an editorial by Kenji Fujiyama
translated by Brett Larner
With a crack of the whip from Prime Minister Shinzo Abe, the controversial plans for the 2020 Olympic Stadium that have generated a storm of criticism have gone back to the drawing board. Underlying Abe's decision, the news that the project's wasteful $2 billion+ USD price tag has disappeared is glad tidings indeed. But the price was not the only problem with the plans.
Official JAAF-certified athletics facilities are classified into four categories, with the World Championships and other major international events requiring the highest level facilities within that categorization. Absolutely essential for a facility to receive the highest level of certification is the presence of an auxiliary track, known as a sub-track. With no sub-track included in the plans for the 2020 Olympic Stadium, after the Olympics the JAAF would be unable to use it to stage major events like the World Championships let alone national-level events like the National Sports Festival or National High School Championships.
This problem has been pointed out by numerous members of the Japanese athletics industry from the early stages. But with decision makers showing a reluctance to allocate land and budget, plans instead opted for the construction of a temporary sub-track nearby with the rationalization being that the previous National Stadium did not have a permanent sub-track, temporary sub-tracks having been built for the 1964 Olympics and 1991 World Championships.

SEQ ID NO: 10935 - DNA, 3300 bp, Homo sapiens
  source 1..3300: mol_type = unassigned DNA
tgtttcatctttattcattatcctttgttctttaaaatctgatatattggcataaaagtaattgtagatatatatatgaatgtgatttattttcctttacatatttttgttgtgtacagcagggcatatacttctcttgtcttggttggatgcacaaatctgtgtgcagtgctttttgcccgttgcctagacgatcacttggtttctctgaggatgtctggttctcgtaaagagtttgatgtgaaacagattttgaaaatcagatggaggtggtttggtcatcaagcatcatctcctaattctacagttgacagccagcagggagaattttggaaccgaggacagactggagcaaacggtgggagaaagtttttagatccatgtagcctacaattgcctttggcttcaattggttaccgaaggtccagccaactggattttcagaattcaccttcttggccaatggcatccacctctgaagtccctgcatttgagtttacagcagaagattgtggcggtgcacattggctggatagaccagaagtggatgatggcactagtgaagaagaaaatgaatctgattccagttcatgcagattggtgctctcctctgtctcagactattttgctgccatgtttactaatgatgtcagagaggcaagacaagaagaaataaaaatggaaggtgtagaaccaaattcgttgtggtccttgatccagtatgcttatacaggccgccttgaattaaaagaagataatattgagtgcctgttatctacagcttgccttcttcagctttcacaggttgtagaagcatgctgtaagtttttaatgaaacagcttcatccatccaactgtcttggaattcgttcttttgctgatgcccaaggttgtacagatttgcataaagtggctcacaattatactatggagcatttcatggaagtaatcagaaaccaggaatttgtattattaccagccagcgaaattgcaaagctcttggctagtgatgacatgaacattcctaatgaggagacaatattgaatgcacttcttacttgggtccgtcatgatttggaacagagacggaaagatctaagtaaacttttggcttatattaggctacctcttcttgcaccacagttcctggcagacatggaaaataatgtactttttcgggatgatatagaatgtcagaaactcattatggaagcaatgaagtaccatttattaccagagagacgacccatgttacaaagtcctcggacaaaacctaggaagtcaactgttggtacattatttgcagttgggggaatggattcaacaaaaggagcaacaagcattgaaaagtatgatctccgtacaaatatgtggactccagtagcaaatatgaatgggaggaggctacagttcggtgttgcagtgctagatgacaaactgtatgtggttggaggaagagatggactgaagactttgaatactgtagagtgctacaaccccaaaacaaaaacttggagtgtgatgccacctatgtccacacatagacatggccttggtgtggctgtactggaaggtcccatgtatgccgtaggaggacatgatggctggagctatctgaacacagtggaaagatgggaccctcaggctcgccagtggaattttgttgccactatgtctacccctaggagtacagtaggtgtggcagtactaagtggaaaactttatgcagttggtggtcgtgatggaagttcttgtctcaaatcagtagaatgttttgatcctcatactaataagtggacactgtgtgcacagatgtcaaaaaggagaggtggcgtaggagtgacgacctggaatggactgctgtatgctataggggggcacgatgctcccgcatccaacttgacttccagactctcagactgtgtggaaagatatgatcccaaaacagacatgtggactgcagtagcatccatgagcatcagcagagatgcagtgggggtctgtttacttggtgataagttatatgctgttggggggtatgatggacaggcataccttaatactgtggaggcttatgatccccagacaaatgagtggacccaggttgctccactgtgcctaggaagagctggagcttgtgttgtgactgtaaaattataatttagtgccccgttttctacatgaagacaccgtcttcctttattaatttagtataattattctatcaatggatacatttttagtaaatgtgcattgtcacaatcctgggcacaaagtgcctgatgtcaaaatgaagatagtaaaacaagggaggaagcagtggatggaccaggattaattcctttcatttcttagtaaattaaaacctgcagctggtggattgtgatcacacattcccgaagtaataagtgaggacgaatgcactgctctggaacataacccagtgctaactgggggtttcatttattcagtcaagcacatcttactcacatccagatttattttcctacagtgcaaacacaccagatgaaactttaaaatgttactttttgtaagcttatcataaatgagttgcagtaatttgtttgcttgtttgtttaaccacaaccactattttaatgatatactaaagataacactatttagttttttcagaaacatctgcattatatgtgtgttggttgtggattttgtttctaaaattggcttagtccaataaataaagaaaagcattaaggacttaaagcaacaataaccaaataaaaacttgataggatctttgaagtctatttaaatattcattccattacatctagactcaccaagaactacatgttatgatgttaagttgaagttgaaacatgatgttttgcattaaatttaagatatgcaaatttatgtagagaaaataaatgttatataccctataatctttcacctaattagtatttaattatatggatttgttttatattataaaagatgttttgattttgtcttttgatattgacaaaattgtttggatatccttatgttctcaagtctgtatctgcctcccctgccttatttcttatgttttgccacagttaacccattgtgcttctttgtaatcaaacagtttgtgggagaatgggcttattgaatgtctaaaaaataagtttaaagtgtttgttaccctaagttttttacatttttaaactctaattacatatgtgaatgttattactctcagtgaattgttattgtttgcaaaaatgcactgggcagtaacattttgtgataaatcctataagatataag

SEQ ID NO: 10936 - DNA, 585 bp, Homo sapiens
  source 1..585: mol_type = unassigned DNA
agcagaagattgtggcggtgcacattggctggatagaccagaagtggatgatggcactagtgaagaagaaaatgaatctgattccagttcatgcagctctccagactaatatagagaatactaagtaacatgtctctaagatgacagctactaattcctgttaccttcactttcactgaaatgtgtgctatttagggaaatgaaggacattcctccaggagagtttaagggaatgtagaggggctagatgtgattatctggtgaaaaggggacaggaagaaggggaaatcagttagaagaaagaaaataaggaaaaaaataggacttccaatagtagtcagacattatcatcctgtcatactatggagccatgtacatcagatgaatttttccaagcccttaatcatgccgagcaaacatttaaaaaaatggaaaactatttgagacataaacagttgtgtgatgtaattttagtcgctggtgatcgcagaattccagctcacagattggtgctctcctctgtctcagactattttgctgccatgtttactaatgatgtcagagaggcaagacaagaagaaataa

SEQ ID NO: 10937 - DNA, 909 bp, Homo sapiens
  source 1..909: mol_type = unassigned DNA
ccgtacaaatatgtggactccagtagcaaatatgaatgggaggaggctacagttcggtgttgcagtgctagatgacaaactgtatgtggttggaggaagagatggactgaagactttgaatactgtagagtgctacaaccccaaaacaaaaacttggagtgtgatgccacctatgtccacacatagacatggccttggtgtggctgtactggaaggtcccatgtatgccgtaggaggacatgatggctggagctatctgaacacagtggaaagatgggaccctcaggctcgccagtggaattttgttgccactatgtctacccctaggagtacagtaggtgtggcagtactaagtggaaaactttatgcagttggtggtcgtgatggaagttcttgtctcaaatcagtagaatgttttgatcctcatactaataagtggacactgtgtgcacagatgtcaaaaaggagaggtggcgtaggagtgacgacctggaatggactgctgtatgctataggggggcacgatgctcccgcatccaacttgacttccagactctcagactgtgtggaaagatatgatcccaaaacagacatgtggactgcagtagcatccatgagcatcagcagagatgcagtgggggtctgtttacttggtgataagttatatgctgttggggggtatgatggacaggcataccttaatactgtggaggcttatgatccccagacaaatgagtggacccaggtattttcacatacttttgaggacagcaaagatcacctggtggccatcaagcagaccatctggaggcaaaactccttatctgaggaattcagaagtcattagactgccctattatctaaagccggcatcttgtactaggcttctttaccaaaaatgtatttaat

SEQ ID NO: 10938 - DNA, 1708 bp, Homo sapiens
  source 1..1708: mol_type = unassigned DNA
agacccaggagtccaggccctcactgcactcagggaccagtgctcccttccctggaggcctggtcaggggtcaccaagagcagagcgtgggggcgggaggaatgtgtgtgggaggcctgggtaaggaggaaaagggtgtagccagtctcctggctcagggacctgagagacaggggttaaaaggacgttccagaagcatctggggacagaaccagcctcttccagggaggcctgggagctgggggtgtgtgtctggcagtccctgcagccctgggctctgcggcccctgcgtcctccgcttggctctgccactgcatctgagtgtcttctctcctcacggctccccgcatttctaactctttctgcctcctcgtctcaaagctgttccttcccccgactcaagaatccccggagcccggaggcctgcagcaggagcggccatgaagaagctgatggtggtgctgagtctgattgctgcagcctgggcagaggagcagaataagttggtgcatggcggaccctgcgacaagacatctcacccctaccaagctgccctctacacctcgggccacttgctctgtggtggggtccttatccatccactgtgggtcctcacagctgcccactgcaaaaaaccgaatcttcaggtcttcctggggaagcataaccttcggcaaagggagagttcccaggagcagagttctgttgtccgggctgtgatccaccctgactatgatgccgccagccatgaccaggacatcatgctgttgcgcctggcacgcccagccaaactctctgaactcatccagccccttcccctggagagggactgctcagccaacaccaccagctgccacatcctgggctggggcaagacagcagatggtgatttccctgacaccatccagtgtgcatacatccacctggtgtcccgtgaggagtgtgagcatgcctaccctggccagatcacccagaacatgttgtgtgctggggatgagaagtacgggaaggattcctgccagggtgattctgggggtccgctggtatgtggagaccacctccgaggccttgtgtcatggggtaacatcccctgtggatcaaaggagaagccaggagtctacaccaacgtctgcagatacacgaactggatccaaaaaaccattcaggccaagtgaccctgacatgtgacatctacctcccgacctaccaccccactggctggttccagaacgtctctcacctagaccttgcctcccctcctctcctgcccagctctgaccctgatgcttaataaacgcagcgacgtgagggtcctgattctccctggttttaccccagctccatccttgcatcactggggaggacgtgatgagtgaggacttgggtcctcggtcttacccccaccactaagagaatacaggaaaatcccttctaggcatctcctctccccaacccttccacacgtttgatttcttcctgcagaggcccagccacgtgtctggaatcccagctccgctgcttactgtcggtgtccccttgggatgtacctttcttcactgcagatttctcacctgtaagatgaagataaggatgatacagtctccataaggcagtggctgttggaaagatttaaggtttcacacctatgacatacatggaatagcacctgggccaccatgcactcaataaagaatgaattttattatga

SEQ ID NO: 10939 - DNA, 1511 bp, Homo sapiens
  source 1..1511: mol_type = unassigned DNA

The requirement for a sub-track is not a luxury but a necessity. Because there are a large number of events in athletics, track events, field events and throws all go on at the same time. Add in athletes warming up for their upcoming events and you have an overflow situation. A sub-track is necessary to prevent accidents. In all the Olympics and World Championships I have covered around the world, I have never seen a stadium without permanent sub-track facilities.
The Olympics may have the budget to build a temporary sub-track, but there is no way that other events like the National Sports Festival or National High School Championships could afford to do the same. The main causes of the colossal cost of the Olympic Stadium plan are its bow-like structure (keel arch) and the enormous amount budgeted toward features other than its function as a stadium, including VIP rooms, meeting rooms, exhibition halls and restaurants. With heavy duty cost reduction a major theme, it is absolutely essential that the new plans include a permanent sub-track.